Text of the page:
Regulatory Focus™ > News Articles > 2021 > 8 > CTIS set to launch in EU; sponsor guide now online

CTIS set to launch in EU; sponsor guide now online

Posted 02 August 2021 | By Kari Oakes 

CTIS set to launch in EU; sponsor guide now online

The European Commission (EC) has affirmed that it plans to launch the Clinical Trials Information System by the end of January 2022, as part of its broader efforts to modernize and streamline the conduct and oversight of clinical trials in the EU.
 
“The pandemic has clearly shown the importance of efficient clinical trials that do not compromise on rigorous safety and efficacy standards,” said Stella Kyriakides, EC commissioner for health and food safety, speaking of the 31 July decision.
 
The Clinical Trials Information System (CTIS) is an information technology tool whose use will be mandatory for new clinical trials under the Clinical Trials Regulation after 31 January 2022. During a one-year grace period following the launch of the Regulation, however, new applicants may choose whether they wish to file an application for a clinical trial under the existing Clinical Trials Directive or the Regulation.
 
Clinical trials that were launched before implementation of the Clinical Trials Directive may still continue under that system through end of January 2025. At that point, “all ongoing trials approved under the current clinical trial directive will need to transition to the new Regulation,” wrote the EC in announcing the adoption of CTIS.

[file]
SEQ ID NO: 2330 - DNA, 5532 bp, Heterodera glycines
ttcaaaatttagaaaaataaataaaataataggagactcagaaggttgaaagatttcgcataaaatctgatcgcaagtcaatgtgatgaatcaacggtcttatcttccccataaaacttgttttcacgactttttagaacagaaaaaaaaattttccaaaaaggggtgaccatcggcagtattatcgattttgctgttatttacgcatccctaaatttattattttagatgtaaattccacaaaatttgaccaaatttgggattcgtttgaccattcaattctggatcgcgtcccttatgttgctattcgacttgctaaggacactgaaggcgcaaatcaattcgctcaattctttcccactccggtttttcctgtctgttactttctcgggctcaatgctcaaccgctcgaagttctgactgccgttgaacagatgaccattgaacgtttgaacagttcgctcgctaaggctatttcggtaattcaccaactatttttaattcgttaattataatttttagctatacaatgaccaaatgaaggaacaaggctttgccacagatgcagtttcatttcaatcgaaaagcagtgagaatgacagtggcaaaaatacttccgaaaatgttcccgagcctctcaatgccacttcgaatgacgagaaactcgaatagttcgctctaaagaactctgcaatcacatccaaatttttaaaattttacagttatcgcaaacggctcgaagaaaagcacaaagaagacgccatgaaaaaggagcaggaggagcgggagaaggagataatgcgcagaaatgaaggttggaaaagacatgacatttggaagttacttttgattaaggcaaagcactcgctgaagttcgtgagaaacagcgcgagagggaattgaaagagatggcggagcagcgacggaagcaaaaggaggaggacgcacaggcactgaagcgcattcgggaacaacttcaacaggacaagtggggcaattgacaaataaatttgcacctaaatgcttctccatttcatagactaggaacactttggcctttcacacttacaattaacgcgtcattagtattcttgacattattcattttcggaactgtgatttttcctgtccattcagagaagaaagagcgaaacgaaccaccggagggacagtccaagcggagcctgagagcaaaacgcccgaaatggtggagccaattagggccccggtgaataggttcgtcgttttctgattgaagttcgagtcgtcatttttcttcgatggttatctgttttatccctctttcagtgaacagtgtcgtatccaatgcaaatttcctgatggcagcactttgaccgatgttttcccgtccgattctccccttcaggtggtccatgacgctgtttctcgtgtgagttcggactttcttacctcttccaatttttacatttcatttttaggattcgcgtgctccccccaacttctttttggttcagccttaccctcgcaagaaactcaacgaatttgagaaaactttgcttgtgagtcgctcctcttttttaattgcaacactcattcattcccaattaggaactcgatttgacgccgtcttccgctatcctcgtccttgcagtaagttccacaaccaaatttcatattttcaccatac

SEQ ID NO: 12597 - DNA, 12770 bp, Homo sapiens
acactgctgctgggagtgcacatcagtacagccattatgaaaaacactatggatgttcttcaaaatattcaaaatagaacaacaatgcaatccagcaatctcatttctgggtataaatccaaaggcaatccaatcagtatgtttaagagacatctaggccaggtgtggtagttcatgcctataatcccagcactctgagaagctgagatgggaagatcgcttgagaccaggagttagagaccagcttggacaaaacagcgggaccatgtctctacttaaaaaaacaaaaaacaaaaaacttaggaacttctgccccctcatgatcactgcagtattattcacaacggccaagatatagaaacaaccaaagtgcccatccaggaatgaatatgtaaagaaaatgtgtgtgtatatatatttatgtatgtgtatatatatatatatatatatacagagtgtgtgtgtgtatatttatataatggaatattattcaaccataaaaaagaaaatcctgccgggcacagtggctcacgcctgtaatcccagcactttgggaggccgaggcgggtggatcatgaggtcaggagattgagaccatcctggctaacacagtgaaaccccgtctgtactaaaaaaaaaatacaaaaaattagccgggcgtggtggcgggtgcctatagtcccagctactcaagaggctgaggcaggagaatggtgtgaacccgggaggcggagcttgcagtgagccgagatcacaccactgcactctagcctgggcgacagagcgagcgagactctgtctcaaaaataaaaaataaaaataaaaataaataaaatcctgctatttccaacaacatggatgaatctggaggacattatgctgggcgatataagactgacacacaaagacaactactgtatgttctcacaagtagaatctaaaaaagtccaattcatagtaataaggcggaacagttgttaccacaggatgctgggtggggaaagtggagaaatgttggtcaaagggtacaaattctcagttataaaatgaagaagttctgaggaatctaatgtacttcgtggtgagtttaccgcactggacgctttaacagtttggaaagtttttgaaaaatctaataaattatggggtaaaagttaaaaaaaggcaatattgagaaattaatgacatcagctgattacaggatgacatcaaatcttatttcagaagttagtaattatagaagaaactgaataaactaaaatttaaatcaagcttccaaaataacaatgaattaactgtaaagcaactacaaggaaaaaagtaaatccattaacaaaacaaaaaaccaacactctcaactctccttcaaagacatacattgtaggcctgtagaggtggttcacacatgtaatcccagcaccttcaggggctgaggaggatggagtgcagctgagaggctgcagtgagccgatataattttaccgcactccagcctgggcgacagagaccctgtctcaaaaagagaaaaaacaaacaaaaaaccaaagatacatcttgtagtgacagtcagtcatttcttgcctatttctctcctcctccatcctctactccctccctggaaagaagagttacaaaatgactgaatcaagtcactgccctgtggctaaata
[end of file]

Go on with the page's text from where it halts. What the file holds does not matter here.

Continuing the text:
The EMA has a website that offers training and support for the transition to CTIS; a sponsor handbook was made newly available on 29 July. Required structured data form templates are now also available at the CTIS website.
 
CTIS is part of an information toolkit that EMA will use to achieve a more coordinated approach to clinical trial safety reporting; implementation of the Clinical Trials Regulation will eventually result in “substantial changes” in how clinical trials are authorized, and how human research is conducted and supervised within the EU.
 
The Regulation, broadly, is meant to harmonize and increase efficiency for clinical trials, with a single application portal and database for all trials conducted in the EU. Similarly, all trials will be authorized via a single procedure. Increased transparency and access to clinical trials data is also planned under the new Regulation, according to an EC website that details the plans for full application of the Clinical Trials Regulation.
 
“With the Clinical Trials Regulation, we will be able to guarantee higher safety protection for participants of clinical trials, support EU-wide clinical trials, and deliver faster access to the most promising safe and effective medical products to citizens, for the COVID-19 crisis and beyond,” said Kyriakides.
CTIS website
 

 

© 2021 Regulatory Affairs Professionals Society.

Tags: clinical, CTIS, EC, EMA, EU, trials

Regulatory Focus newsletters

All the biggest regulatory news and happenings.

Subscribe